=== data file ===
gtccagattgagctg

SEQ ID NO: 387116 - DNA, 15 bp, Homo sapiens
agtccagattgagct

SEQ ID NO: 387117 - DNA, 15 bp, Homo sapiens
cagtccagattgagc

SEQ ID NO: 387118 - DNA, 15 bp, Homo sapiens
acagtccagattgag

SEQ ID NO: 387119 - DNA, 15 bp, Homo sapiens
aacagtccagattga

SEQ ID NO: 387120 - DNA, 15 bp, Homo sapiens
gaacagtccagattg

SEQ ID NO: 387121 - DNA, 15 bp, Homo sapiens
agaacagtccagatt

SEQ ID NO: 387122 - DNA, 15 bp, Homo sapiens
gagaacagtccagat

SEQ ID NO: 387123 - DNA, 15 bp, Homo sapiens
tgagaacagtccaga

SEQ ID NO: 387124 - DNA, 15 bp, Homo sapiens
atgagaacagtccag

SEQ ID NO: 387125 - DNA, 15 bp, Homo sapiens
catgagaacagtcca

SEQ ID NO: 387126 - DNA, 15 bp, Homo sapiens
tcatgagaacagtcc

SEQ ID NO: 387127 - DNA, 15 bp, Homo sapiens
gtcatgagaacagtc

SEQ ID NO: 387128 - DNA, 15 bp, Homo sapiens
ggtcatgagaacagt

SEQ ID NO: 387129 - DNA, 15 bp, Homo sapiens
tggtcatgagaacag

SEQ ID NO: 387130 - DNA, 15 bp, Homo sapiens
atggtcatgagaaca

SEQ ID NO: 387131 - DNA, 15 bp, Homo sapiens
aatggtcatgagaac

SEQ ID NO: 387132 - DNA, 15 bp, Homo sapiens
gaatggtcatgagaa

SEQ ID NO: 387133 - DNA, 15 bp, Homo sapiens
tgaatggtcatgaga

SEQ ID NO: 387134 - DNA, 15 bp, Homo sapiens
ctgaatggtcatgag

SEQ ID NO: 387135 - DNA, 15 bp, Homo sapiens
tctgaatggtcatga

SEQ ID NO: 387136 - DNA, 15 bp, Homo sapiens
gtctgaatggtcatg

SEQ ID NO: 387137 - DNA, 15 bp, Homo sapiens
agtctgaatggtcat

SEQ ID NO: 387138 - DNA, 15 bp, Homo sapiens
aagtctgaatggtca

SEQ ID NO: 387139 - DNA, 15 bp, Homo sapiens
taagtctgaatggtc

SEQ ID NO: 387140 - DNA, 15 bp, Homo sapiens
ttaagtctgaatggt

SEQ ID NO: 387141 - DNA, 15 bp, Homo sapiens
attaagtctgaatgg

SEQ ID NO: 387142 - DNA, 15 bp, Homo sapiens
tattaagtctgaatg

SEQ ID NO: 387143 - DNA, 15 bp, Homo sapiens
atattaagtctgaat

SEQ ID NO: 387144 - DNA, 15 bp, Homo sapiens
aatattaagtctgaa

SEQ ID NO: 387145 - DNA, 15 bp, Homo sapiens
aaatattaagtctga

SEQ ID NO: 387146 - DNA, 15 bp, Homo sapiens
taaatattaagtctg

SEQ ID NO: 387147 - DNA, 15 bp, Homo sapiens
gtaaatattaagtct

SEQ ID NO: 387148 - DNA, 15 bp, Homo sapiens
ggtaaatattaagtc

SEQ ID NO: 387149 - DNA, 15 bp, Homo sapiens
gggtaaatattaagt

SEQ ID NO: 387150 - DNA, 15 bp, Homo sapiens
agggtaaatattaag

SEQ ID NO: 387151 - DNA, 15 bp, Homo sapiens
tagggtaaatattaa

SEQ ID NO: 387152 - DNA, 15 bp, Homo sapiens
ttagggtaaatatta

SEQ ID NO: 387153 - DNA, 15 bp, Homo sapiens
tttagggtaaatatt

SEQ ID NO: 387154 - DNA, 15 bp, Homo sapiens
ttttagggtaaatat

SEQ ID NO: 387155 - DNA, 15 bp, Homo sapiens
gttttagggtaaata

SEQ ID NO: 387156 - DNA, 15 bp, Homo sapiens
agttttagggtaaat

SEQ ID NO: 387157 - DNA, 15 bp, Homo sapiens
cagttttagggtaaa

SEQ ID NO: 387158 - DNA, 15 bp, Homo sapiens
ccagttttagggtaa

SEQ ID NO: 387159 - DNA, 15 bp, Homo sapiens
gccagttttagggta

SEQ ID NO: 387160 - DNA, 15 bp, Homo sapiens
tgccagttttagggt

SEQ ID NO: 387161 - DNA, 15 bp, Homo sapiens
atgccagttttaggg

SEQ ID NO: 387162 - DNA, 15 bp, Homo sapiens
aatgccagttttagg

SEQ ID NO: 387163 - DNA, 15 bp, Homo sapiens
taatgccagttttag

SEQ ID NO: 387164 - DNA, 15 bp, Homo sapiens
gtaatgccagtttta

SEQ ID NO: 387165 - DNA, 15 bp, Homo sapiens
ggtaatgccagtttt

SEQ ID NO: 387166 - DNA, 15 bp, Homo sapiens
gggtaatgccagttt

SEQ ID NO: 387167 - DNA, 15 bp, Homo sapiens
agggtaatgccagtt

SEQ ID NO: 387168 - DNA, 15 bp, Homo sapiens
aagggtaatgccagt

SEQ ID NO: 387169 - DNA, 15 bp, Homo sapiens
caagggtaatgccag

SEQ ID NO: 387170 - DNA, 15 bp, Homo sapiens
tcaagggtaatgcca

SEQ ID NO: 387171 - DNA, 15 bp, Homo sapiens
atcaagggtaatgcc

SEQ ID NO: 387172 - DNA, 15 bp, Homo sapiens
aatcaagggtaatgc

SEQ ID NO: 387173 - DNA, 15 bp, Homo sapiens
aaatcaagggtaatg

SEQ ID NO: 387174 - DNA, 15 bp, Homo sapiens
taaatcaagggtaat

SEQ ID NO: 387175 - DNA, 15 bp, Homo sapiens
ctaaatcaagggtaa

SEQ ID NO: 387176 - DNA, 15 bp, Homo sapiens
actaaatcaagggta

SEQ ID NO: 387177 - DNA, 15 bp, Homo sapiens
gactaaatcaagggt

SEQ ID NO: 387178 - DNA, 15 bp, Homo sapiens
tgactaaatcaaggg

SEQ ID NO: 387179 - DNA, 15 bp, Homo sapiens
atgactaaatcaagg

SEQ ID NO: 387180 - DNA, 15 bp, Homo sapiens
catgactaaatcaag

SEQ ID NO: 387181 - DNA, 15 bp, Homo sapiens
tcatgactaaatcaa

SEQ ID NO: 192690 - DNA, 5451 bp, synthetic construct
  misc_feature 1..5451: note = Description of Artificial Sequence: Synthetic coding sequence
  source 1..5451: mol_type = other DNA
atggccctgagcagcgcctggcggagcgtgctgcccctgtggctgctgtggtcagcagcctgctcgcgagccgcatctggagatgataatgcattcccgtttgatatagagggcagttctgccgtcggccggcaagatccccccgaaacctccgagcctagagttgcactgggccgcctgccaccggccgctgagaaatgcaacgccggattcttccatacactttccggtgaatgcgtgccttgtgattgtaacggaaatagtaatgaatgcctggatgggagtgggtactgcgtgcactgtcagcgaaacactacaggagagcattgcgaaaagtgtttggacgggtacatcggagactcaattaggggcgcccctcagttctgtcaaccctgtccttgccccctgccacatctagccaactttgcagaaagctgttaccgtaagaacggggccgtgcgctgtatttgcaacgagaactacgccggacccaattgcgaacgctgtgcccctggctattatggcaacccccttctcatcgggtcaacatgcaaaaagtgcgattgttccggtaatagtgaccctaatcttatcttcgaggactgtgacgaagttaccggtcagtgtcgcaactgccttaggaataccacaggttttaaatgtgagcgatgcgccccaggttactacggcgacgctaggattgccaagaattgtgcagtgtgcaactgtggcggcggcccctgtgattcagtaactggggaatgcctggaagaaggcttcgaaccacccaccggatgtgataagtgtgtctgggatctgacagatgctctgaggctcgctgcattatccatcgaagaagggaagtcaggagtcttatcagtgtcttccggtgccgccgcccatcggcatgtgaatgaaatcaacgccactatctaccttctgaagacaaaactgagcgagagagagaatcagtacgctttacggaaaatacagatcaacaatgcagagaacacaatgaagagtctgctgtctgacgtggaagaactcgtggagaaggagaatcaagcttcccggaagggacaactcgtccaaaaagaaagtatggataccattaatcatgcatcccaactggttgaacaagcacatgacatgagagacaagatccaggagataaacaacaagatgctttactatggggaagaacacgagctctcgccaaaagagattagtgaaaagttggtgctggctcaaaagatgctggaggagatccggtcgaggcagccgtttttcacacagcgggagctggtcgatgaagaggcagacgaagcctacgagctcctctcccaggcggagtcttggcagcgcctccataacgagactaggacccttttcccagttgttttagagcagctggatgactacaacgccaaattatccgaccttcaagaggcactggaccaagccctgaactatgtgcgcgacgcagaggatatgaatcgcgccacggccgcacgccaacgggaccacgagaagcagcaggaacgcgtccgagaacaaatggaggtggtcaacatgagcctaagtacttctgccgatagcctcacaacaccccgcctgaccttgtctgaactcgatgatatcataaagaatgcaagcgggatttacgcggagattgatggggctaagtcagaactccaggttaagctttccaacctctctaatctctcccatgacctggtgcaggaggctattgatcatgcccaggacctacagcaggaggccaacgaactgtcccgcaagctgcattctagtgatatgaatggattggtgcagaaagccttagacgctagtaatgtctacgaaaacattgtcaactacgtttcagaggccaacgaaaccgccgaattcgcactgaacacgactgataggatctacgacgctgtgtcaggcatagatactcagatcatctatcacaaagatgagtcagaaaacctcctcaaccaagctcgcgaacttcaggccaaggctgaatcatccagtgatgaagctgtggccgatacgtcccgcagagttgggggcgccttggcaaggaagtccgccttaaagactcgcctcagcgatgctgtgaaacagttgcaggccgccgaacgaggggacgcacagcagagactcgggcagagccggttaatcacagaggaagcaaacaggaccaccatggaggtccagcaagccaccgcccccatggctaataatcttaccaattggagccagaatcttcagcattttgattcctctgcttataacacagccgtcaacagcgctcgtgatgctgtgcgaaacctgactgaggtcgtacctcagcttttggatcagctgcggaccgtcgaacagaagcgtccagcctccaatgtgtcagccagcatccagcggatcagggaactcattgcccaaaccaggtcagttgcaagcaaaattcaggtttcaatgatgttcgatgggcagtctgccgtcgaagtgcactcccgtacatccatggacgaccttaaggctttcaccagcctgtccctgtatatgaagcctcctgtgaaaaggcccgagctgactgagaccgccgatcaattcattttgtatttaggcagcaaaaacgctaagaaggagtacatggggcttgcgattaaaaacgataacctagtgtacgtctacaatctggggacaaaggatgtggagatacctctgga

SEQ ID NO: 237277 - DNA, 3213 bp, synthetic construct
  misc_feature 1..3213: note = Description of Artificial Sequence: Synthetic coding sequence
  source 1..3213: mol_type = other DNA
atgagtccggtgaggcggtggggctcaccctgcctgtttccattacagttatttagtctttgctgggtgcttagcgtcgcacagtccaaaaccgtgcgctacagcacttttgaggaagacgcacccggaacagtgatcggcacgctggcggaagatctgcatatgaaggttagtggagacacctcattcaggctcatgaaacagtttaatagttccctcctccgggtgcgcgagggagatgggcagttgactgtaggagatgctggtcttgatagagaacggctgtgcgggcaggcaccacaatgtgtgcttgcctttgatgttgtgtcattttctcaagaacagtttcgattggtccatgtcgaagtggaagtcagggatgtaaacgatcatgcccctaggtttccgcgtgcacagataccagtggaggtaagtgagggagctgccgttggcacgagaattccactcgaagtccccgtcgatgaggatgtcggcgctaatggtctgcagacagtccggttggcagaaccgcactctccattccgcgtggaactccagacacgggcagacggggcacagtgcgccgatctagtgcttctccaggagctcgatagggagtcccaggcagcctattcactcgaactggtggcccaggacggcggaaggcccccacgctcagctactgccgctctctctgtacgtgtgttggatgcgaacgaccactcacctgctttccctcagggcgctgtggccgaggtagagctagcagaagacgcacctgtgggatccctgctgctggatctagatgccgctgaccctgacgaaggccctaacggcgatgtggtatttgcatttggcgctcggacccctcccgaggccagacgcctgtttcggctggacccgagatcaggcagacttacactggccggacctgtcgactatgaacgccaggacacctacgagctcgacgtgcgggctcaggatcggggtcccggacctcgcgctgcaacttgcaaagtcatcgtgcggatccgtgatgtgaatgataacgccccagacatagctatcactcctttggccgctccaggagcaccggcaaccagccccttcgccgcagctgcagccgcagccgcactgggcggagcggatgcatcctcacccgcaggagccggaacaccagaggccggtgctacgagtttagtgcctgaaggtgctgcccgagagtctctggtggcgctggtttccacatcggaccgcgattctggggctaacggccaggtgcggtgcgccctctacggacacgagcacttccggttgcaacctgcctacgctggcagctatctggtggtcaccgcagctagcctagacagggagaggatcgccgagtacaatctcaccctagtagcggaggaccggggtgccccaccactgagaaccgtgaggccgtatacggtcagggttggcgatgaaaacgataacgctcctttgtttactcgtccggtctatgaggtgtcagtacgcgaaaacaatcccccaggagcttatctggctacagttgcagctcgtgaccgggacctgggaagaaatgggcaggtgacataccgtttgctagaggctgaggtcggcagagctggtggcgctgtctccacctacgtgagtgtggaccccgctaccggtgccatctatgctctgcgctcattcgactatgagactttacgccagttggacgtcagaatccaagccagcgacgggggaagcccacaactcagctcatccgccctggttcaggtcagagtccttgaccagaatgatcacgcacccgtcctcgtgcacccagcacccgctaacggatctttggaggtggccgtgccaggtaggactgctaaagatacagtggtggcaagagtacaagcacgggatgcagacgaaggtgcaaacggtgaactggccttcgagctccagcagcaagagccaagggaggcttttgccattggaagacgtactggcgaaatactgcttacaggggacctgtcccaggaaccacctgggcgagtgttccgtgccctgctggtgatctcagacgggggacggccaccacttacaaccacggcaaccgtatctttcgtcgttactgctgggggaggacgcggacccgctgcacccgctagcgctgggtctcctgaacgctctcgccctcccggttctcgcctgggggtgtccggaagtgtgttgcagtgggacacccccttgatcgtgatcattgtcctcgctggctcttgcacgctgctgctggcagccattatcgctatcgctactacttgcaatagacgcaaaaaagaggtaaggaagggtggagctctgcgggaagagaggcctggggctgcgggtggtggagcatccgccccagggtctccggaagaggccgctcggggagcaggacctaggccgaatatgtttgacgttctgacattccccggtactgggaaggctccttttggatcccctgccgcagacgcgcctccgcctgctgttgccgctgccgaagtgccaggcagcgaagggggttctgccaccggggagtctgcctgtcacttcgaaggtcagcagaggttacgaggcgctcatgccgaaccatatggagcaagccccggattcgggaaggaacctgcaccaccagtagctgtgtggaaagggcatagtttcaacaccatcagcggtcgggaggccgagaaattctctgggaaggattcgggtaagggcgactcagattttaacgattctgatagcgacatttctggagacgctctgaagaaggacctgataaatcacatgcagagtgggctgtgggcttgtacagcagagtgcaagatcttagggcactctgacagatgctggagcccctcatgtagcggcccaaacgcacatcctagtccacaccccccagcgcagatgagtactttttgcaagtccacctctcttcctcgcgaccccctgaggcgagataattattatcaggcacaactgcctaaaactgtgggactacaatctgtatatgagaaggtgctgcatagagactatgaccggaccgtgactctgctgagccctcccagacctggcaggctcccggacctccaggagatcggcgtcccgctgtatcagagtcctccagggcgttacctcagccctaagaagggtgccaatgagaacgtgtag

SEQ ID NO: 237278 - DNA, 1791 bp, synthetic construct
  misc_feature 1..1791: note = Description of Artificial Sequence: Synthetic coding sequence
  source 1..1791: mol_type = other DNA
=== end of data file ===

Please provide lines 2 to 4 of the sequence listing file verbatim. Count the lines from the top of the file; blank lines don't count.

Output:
SEQ ID NO: 387116 - DNA, 15 bp, Homo sapiens
agtccagattgagct

SEQ ID NO: 387117 - DNA, 15 bp, Homo sapiens